Rena Zito authors article on family predictors of teenage cohabitation

The assistant professor of sociology was published in the Journal of Family Issues.

The complete citation and abstract:

Zito, Rena C. 2015. “Family Structure History and Teenage Cohabitation: Instability, Structural Disadvantage, or Transmission?” Journal of Family Issues 36: 299-325.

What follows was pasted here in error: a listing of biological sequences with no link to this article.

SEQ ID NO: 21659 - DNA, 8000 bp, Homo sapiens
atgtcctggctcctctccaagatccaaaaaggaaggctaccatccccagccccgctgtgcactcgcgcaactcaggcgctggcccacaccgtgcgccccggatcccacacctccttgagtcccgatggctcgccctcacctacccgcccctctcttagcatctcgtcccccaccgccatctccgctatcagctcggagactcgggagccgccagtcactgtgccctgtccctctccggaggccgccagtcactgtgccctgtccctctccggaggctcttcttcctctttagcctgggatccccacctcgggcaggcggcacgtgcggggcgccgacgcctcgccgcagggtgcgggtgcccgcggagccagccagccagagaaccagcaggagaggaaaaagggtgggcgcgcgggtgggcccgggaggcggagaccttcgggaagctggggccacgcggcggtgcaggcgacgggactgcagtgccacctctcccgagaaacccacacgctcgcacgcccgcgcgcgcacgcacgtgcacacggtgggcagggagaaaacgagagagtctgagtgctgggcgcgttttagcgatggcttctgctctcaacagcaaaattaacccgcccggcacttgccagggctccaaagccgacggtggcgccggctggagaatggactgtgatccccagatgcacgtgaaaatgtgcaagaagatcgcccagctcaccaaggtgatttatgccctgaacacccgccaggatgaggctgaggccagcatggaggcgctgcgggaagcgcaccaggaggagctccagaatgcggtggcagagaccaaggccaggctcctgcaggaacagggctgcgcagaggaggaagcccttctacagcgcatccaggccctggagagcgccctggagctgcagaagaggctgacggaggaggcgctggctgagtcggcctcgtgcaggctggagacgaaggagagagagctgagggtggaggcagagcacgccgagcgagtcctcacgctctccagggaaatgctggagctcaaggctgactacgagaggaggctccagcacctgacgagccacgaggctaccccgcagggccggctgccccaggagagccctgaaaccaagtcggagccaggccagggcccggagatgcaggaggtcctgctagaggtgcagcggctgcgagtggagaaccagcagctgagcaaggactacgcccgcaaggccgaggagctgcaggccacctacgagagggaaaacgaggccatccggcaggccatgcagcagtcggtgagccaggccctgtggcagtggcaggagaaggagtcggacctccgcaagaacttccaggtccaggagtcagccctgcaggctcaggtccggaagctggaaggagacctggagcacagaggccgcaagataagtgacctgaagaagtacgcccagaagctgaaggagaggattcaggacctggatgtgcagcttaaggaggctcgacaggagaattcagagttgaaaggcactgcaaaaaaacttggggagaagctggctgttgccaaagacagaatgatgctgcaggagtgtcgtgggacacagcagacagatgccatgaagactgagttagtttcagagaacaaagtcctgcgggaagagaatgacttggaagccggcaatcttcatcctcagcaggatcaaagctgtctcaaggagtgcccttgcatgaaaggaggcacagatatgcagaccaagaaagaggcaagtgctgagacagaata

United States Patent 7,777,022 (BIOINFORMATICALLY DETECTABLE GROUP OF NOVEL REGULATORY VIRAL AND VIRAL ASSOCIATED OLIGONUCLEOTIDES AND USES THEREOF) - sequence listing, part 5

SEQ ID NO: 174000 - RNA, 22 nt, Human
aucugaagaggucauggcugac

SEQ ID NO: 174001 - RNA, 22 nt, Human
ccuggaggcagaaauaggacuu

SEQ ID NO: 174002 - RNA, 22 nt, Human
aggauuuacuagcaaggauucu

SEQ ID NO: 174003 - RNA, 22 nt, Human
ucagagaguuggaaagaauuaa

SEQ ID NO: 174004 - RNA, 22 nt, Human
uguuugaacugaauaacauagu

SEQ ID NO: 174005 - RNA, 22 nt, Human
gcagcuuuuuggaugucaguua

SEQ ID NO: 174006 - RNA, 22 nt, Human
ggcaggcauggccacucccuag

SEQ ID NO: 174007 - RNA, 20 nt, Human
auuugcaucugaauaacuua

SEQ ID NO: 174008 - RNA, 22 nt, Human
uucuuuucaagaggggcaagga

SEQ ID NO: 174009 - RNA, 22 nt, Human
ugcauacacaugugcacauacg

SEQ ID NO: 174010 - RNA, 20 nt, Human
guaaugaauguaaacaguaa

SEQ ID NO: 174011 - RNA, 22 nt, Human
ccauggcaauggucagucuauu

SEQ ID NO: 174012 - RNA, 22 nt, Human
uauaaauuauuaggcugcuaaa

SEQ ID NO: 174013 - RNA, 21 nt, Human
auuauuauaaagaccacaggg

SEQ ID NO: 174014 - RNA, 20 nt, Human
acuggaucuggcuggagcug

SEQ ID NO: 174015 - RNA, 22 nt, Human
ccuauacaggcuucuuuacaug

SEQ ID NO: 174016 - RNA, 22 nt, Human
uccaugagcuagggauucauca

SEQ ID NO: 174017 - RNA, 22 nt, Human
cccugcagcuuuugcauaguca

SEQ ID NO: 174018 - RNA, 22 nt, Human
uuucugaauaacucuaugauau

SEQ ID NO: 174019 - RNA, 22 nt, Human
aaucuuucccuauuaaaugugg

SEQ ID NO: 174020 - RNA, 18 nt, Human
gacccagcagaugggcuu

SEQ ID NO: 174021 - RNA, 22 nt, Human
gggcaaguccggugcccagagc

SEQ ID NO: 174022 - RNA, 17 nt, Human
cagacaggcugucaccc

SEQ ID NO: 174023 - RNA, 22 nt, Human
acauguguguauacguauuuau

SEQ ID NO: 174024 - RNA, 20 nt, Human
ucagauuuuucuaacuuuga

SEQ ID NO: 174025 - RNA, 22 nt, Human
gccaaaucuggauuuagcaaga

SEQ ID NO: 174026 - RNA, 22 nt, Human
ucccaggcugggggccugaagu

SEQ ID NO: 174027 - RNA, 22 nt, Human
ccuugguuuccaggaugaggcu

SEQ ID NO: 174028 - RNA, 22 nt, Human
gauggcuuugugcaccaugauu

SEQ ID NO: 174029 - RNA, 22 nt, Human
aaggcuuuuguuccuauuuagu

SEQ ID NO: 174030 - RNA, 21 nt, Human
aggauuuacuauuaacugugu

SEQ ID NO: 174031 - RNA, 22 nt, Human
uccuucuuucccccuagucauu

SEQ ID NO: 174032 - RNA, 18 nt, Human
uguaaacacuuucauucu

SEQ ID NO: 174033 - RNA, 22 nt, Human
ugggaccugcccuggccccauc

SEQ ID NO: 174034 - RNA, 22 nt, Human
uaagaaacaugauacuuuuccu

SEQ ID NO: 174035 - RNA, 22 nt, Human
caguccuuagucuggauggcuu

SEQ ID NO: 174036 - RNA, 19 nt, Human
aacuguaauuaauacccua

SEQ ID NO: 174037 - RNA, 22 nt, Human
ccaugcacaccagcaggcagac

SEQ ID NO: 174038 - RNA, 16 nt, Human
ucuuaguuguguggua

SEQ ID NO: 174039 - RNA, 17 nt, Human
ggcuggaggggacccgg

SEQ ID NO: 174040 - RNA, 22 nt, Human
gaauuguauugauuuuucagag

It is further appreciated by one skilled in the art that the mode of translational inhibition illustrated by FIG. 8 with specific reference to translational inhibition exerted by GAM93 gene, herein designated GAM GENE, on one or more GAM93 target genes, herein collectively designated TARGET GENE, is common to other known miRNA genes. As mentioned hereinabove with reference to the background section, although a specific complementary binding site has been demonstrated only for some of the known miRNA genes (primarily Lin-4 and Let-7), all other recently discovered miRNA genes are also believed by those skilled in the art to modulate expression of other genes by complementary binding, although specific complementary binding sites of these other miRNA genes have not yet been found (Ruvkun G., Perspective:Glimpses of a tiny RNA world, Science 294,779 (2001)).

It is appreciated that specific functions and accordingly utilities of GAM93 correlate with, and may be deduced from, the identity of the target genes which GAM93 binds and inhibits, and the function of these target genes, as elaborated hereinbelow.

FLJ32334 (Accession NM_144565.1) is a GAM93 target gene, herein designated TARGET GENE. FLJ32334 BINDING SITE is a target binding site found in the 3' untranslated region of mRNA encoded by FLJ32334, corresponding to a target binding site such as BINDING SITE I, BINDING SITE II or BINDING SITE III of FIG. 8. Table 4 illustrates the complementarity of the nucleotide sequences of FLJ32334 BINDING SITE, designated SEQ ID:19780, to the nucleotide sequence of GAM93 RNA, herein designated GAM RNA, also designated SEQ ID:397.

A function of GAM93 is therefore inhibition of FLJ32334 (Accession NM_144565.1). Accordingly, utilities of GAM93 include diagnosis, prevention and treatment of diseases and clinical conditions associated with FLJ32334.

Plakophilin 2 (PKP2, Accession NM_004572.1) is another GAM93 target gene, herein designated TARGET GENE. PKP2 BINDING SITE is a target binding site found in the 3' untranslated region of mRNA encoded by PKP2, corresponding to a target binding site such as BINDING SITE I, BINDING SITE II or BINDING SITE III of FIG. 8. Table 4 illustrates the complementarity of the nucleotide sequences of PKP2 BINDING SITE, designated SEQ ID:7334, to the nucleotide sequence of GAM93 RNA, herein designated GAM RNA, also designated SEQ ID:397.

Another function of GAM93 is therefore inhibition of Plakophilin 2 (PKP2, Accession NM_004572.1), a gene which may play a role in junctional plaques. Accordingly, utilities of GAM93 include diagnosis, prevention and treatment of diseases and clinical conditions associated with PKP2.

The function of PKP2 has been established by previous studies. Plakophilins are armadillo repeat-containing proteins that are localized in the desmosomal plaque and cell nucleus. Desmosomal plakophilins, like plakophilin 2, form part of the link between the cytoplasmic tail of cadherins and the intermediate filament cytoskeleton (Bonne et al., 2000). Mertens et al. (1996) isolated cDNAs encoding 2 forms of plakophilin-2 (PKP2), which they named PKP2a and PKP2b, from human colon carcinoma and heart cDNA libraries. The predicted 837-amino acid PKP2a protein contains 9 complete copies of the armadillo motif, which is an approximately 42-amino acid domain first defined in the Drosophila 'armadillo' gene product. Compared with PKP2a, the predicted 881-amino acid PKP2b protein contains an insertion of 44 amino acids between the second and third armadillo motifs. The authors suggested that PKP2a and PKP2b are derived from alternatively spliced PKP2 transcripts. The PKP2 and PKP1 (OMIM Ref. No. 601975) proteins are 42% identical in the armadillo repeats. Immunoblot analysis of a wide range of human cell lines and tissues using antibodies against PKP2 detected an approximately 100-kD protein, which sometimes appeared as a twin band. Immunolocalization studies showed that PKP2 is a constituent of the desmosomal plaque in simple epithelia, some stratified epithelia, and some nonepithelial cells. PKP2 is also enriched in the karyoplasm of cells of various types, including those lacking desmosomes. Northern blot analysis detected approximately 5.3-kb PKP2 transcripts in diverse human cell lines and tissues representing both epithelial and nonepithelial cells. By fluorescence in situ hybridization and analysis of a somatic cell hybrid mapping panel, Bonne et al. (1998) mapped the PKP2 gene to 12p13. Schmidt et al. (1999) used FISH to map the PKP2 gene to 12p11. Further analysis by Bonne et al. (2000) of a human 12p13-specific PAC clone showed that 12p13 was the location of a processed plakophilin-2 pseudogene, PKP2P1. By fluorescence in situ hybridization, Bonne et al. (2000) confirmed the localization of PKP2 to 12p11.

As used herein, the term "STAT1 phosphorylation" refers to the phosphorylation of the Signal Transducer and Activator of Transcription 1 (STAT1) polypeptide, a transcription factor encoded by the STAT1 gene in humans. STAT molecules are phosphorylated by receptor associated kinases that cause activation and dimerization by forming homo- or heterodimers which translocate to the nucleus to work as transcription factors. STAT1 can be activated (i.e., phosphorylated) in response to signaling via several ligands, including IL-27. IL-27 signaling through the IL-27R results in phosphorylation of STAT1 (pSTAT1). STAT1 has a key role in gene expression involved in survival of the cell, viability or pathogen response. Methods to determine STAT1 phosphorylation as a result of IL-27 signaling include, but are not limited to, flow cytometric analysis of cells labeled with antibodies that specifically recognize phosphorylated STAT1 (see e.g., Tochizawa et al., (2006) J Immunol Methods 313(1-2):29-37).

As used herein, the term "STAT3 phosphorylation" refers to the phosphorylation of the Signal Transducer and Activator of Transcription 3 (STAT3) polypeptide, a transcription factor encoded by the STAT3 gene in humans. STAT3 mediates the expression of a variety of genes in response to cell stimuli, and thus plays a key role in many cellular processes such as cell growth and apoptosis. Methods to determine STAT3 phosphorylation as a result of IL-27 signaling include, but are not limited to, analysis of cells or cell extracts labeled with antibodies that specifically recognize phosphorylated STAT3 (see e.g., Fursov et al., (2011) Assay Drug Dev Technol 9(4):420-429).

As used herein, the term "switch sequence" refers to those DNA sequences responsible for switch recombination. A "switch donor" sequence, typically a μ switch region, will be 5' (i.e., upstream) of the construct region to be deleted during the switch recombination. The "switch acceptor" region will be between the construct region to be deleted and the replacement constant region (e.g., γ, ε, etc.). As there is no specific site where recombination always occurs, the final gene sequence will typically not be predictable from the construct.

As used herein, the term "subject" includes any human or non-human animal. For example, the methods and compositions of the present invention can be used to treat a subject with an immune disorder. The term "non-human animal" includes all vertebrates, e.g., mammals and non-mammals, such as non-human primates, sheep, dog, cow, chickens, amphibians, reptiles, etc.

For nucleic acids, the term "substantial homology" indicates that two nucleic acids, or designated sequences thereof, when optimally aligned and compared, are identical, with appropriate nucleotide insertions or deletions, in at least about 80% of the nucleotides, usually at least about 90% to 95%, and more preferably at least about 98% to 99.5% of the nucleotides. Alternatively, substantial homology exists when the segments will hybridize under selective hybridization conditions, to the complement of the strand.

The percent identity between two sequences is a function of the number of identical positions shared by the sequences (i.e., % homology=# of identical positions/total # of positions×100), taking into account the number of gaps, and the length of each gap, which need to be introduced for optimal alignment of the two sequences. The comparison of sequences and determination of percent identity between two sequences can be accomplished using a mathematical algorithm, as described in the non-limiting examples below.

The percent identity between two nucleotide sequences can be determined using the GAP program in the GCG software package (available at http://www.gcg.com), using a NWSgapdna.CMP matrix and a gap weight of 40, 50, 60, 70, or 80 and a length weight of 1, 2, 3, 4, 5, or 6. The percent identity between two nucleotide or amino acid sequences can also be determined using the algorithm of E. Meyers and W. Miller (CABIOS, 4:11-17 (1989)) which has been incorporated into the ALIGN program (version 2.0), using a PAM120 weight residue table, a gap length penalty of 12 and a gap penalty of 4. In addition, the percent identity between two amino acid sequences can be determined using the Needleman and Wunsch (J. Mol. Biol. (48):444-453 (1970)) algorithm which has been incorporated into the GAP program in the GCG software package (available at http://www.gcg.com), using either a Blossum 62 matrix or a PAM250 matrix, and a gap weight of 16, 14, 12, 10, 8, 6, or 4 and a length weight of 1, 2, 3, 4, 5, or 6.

Abstract: This study uses data from the first three waves of the National Longitudinal Study of Adolescent Health, from 8,019 adolescents and their mothers, to examine links between multiple dimensions of family structure and instability over adolescents’ life courses, family functioning, peer contexts, and teenage cohabitation. Investigated explanations include an instability model, socioeconomic-stress model, and intergenerational transmission. Results from logistic regression models link single-mother and stepfamily residence during adolescence to frequent family transitions, weakened maternal bonds, teenage dating, and, ultimately, teenage cohabitation. Moreover, single motherhood and maternal cohabitation fail to predict teenage cohabitation among those living in stable households. Individual poverty and residence in a neighborhood marked by family disruption account partially for the influence of single motherhood. In addition, maternal bonds moderate the influence of maternal cohabitation on adolescent cohabitation, yielding support for an intergenerational transmission effect.